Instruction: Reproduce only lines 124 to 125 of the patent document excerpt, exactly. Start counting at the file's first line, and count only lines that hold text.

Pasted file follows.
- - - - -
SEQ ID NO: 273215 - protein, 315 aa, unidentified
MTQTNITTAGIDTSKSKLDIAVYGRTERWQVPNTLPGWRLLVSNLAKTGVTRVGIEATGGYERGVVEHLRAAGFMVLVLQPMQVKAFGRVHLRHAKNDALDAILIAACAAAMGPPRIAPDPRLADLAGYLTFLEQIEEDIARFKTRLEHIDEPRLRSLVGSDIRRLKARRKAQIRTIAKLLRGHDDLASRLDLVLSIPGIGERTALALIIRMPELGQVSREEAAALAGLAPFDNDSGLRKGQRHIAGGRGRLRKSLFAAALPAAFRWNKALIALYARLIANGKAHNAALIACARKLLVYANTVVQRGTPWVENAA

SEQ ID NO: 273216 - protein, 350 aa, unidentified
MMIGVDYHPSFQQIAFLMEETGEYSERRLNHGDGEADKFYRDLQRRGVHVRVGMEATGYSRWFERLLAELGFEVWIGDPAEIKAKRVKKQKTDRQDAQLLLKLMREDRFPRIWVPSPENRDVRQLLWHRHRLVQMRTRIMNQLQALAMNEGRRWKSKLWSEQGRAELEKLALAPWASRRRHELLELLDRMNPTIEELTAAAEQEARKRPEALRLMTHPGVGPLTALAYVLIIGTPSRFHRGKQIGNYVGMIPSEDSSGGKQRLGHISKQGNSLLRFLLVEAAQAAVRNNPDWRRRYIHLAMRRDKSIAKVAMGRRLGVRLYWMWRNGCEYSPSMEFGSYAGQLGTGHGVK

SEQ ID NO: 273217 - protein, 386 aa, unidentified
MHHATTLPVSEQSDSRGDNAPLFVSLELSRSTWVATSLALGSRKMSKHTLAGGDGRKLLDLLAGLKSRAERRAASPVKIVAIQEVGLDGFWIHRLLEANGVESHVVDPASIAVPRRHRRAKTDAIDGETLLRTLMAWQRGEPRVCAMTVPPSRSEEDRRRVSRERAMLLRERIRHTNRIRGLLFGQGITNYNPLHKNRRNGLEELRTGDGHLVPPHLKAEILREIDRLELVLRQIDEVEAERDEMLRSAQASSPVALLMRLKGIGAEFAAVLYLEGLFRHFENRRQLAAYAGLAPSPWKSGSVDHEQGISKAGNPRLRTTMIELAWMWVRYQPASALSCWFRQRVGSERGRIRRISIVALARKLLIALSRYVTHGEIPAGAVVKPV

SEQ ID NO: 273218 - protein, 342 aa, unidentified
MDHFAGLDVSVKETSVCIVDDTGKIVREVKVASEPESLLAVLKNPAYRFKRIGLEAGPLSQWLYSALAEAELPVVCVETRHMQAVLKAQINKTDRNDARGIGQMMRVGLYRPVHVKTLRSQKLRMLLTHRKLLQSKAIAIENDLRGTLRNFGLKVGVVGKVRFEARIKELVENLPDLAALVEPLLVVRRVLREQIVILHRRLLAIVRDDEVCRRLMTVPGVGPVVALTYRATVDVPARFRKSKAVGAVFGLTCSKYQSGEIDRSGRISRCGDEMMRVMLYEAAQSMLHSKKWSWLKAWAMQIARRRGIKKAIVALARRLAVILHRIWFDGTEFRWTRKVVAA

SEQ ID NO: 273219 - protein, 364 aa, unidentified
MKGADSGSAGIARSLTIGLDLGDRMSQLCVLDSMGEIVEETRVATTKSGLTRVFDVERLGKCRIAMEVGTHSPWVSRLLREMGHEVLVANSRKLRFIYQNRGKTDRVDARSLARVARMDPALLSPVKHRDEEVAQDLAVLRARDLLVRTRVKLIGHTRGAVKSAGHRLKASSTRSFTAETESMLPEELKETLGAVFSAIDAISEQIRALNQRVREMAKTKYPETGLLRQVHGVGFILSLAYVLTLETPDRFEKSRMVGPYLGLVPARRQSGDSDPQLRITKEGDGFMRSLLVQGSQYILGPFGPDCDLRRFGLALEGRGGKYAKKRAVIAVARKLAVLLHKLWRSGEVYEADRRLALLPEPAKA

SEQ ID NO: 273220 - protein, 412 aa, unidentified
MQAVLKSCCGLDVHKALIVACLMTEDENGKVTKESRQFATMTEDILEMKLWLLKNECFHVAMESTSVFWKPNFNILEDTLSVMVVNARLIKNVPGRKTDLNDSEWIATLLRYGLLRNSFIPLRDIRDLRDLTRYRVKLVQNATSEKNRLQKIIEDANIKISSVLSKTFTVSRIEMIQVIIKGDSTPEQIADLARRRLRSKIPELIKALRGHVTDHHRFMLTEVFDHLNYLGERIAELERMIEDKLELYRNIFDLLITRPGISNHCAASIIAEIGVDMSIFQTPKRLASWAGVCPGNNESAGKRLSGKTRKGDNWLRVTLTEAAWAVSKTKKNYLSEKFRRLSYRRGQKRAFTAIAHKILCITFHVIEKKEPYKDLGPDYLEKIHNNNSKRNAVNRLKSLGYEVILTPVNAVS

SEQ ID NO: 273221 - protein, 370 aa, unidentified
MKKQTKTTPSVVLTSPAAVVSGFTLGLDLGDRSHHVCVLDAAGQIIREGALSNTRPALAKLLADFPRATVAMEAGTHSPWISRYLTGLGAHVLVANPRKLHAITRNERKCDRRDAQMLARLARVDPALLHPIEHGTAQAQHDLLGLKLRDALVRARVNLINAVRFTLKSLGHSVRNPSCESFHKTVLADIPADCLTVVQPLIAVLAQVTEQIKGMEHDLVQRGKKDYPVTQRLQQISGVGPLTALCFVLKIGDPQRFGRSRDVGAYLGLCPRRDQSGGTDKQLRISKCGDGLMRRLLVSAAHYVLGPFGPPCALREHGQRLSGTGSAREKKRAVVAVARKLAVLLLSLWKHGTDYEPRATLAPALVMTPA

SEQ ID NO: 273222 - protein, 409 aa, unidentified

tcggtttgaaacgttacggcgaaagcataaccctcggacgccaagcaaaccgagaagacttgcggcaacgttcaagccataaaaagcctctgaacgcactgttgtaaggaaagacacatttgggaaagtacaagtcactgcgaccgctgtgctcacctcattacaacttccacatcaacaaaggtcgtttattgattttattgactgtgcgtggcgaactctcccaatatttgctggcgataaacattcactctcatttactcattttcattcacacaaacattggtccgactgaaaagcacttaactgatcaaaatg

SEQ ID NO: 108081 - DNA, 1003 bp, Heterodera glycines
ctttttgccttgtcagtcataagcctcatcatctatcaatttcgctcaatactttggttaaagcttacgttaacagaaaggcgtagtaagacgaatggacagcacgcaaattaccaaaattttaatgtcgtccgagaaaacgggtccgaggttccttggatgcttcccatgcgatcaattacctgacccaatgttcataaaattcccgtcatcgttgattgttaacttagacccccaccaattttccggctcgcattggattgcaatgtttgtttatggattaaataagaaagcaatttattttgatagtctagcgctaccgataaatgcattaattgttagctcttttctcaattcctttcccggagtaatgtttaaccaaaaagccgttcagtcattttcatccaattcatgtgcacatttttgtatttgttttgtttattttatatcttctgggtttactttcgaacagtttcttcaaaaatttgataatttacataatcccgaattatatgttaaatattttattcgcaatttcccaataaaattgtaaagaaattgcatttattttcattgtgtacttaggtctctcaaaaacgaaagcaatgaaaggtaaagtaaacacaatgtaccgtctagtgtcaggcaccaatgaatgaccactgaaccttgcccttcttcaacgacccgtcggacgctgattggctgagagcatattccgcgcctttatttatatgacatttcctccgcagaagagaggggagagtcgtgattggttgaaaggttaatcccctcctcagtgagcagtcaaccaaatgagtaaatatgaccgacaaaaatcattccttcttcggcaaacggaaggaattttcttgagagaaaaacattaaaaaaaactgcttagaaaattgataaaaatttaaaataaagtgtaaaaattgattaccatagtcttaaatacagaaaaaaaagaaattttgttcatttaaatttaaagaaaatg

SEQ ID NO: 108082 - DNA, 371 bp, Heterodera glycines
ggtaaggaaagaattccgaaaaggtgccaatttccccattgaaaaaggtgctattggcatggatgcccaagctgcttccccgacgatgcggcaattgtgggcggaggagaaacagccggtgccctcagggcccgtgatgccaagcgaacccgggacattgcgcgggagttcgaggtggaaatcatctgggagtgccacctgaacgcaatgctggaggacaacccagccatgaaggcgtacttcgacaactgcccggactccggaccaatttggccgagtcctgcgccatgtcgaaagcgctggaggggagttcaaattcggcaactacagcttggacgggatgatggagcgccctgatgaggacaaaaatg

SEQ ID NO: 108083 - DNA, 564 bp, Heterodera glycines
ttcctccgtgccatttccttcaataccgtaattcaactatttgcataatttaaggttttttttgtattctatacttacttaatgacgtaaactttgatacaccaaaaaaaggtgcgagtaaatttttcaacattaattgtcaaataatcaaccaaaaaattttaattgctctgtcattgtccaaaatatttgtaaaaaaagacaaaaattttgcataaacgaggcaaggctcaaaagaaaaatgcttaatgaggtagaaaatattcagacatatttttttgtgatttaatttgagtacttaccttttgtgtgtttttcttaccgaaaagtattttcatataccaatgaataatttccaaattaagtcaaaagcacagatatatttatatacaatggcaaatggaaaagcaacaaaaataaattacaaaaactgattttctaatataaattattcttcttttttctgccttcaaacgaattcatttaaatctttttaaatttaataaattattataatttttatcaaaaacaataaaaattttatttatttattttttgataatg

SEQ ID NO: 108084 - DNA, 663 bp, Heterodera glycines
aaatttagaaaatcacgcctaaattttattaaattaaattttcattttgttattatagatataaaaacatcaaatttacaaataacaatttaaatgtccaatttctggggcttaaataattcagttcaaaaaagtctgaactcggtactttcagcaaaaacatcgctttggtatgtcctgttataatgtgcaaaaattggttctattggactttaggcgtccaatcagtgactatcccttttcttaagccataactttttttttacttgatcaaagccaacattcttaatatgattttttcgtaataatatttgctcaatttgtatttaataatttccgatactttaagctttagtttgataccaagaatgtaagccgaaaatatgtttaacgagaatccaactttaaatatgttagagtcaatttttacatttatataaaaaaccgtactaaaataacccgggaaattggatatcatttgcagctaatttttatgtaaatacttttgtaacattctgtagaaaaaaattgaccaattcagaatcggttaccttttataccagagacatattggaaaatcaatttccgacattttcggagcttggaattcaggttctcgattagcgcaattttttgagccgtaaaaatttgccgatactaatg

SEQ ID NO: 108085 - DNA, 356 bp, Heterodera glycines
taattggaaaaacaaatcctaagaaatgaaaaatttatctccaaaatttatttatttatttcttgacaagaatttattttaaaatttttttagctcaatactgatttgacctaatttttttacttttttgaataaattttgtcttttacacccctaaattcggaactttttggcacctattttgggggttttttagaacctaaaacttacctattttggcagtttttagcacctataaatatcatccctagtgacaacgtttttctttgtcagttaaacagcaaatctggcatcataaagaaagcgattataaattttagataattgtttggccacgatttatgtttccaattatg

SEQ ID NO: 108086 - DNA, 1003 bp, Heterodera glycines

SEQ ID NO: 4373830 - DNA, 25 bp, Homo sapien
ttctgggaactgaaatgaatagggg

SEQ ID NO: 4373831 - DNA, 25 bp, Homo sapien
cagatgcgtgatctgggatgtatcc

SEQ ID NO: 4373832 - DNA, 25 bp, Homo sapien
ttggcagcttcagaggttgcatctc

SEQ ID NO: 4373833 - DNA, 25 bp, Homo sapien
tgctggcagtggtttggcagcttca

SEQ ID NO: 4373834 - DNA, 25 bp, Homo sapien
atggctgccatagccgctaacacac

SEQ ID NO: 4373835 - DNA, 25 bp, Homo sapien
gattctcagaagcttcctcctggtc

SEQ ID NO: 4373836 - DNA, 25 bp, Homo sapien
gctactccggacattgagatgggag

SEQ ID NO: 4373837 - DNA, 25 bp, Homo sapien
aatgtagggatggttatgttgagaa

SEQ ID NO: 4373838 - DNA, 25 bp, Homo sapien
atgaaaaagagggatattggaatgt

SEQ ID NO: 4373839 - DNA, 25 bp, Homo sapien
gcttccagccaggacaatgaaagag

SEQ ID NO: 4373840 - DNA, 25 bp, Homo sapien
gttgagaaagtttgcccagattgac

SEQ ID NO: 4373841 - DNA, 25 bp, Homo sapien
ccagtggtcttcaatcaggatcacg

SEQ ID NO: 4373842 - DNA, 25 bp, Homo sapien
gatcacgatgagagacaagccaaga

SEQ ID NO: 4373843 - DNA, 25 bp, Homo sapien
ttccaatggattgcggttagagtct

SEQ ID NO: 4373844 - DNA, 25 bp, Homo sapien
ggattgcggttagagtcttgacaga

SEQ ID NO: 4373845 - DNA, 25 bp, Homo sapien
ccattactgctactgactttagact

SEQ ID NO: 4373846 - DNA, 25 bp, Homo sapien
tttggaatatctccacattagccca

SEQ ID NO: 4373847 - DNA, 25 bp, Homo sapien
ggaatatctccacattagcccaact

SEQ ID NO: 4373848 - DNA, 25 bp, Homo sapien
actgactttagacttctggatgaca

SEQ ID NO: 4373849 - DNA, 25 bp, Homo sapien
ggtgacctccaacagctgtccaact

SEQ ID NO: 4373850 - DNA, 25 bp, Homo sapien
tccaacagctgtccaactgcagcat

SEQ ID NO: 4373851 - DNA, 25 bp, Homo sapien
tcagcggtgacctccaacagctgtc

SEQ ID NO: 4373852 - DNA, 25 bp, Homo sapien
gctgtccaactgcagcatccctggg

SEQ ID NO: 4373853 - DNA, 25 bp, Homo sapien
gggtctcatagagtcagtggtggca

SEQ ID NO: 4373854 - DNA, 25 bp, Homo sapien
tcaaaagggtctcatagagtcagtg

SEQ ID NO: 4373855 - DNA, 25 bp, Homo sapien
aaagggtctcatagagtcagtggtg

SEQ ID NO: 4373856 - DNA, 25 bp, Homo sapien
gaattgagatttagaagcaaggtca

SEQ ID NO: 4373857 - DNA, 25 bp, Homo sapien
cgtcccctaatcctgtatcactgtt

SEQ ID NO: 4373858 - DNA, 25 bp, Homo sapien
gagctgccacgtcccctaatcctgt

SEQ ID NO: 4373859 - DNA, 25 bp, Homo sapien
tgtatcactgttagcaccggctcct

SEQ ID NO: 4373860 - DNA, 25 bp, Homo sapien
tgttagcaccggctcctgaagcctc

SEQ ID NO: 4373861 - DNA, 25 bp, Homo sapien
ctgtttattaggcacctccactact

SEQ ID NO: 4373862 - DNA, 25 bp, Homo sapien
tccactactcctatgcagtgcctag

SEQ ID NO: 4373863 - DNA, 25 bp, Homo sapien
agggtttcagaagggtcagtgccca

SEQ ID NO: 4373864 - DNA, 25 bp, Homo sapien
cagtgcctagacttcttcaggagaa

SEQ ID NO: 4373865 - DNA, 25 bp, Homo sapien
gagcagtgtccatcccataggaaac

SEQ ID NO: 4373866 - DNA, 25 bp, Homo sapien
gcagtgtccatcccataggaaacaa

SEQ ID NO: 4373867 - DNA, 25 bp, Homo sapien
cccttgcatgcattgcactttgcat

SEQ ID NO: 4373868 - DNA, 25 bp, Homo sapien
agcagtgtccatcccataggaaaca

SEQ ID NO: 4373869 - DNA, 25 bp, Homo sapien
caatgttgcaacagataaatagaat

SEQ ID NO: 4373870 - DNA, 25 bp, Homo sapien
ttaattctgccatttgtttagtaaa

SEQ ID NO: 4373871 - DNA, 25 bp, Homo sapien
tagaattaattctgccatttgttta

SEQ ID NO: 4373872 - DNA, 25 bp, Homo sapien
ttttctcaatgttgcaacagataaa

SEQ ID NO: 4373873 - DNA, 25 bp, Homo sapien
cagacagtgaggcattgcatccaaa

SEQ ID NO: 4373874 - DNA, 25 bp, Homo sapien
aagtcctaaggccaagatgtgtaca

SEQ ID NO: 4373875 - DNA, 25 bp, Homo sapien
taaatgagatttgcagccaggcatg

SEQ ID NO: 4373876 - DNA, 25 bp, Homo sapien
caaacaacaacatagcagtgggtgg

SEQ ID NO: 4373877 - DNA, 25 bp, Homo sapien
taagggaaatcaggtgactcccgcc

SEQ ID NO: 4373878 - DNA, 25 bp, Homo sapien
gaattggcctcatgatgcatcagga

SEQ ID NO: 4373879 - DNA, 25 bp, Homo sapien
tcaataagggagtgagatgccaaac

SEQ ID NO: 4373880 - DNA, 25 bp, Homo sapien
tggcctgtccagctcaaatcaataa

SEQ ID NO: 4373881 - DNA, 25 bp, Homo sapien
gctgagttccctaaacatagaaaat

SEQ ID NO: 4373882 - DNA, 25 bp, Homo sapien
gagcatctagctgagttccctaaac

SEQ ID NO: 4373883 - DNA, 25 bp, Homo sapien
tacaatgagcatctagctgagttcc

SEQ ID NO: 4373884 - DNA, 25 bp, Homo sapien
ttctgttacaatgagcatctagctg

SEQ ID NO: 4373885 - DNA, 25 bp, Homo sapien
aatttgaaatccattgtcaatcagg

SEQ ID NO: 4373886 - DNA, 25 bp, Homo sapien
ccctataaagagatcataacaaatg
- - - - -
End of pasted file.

SEQ ID NO: 4373878 - DNA, 25 bp, Homo sapien
gaattggcctcatgatgcatcagga